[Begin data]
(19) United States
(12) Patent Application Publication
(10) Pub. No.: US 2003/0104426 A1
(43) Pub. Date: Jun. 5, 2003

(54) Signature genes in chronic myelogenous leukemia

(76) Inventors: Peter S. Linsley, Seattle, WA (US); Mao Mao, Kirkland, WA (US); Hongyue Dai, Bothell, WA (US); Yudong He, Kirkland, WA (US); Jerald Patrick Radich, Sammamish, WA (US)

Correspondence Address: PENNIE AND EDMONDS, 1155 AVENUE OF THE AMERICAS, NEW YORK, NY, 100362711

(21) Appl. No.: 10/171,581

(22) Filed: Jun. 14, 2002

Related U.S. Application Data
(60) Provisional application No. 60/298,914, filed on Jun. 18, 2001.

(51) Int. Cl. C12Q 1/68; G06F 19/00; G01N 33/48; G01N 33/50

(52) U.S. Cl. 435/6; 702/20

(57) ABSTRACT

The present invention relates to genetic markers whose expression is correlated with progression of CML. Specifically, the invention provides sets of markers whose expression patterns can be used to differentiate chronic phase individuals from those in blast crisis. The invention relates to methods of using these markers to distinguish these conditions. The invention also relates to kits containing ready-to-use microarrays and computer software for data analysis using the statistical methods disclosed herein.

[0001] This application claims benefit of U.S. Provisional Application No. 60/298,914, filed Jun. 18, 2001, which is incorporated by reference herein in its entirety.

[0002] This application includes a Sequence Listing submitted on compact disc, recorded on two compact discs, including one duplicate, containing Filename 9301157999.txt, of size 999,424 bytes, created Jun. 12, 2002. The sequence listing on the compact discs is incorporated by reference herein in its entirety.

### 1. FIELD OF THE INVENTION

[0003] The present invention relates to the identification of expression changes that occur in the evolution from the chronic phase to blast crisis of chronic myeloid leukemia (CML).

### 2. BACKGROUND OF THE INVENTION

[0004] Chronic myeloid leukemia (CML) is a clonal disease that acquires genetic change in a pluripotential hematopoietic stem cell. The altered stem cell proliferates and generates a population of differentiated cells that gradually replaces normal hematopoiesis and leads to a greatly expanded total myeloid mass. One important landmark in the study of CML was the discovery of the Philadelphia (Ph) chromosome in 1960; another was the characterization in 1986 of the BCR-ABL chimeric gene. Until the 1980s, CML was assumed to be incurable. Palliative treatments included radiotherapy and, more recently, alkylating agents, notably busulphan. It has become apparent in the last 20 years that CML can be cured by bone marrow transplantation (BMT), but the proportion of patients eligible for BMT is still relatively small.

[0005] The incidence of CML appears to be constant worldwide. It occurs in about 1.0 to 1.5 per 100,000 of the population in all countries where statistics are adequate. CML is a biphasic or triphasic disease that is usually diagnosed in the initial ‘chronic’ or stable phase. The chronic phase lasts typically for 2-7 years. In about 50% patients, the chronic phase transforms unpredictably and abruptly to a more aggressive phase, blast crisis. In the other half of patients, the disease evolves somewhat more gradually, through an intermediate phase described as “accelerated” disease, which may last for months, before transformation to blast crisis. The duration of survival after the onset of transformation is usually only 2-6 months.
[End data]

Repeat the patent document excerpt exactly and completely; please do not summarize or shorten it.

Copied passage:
(19) United States
(12) Patent Application Publication
(10) Pub. No.: US 2003/0104426 A1
(43) Pub. Date: Jun. 5, 2003

(54) Signature genes in chronic myelogenous leukemia

(76) Inventors: Peter S. Linsley, Seattle, WA (US); Mao Mao, Kirkland, WA (US); Hongyue Dai, Bothell, WA (US); Yudong He, Kirkland, WA (US); Jerald Patrick Radich, Sammamish, WA (US)

Correspondence Address: PENNIE AND EDMONDS, 1155 AVENUE OF THE AMERICAS, NEW YORK, NY, 100362711

(21) Appl. No.: 10/171,581

(22) Filed: Jun. 14, 2002

Related U.S. Application Data
(60) Provisional application No. 60/298,914, filed on Jun. 18, 2001.

(51) Int. Cl. C12Q 1/68; G06F 19/00; G01N 33/48; G01N 33/50

(52) U.S. Cl. 435/6; 702/20

(57) ABSTRACT

The present invention relates to genetic markers whose expression is correlated with progression of CML. Specifically, the invention provides sets of markers whose expression patterns can be used to differentiate chronic phase individuals from those in blast crisis. The invention relates to methods of using these markers to distinguish these conditions. The invention also relates to kits containing ready-to-use microarrays and computer software for data analysis using the statistical methods disclosed herein.

[0001] This application claims benefit of U.S. Provisional Application No. 60/298,914, filed Jun. 18, 2001, which is incorporated by reference herein in its entirety.

[0002] This application includes a Sequence Listing submitted on compact disc, recorded on two compact discs, including one duplicate, containing Filename 9301157999.txt, of size 999,424 bytes, created Jun. 12, 2002. The sequence listing on the compact discs is incorporated by reference herein in its entirety.

### 1. FIELD OF THE INVENTION

[0003] The present invention relates to the identification of expression changes that occur in the evolution from the chronic phase to blast crisis of chronic myeloid leukemia (CML).

### 2. BACKGROUND OF THE INVENTION

[0004] Chronic myeloid leukemia (CML) is a clonal disease that acquires genetic change in a pluripotential hematopoietic stem cell. The altered stem cell proliferates and generates a population of differentiated cells that gradually replaces normal hematopoiesis and leads to a greatly expanded total myeloid mass. One important landmark in the study of CML was the discovery of the Philadelphia (Ph) chromosome in 1960; another was the characterization in 1986 of the BCR-ABL chimeric gene. Until the 1980s, CML was assumed to be incurable. Palliative treatments included radiotherapy and, more recently, alkylating agents, notably busulphan. It has become apparent in the last 20 years that CML can be cured by bone marrow transplantation (BMT), but the proportion of patients eligible for BMT is still relatively small.

[0005] The incidence of CML appears to be constant worldwide. It occurs in about 1.0 to 1.5 per 100,000 of the population in all countries where statistics are adequate. CML is a biphasic or triphasic disease that is usually diagnosed in the initial ‘chronic’ or stable phase. The chronic phase lasts typically for 2-7 years. In about 50% patients, the chronic phase transforms unpredictably and abruptly to a more aggressive phase, blast crisis. In the other half of patients, the disease evolves somewhat more gradually, through an intermediate phase described as “accelerated” disease, which may last for months, before transformation to blast crisis. The duration of survival after the onset of transformation is usually only 2-6 months.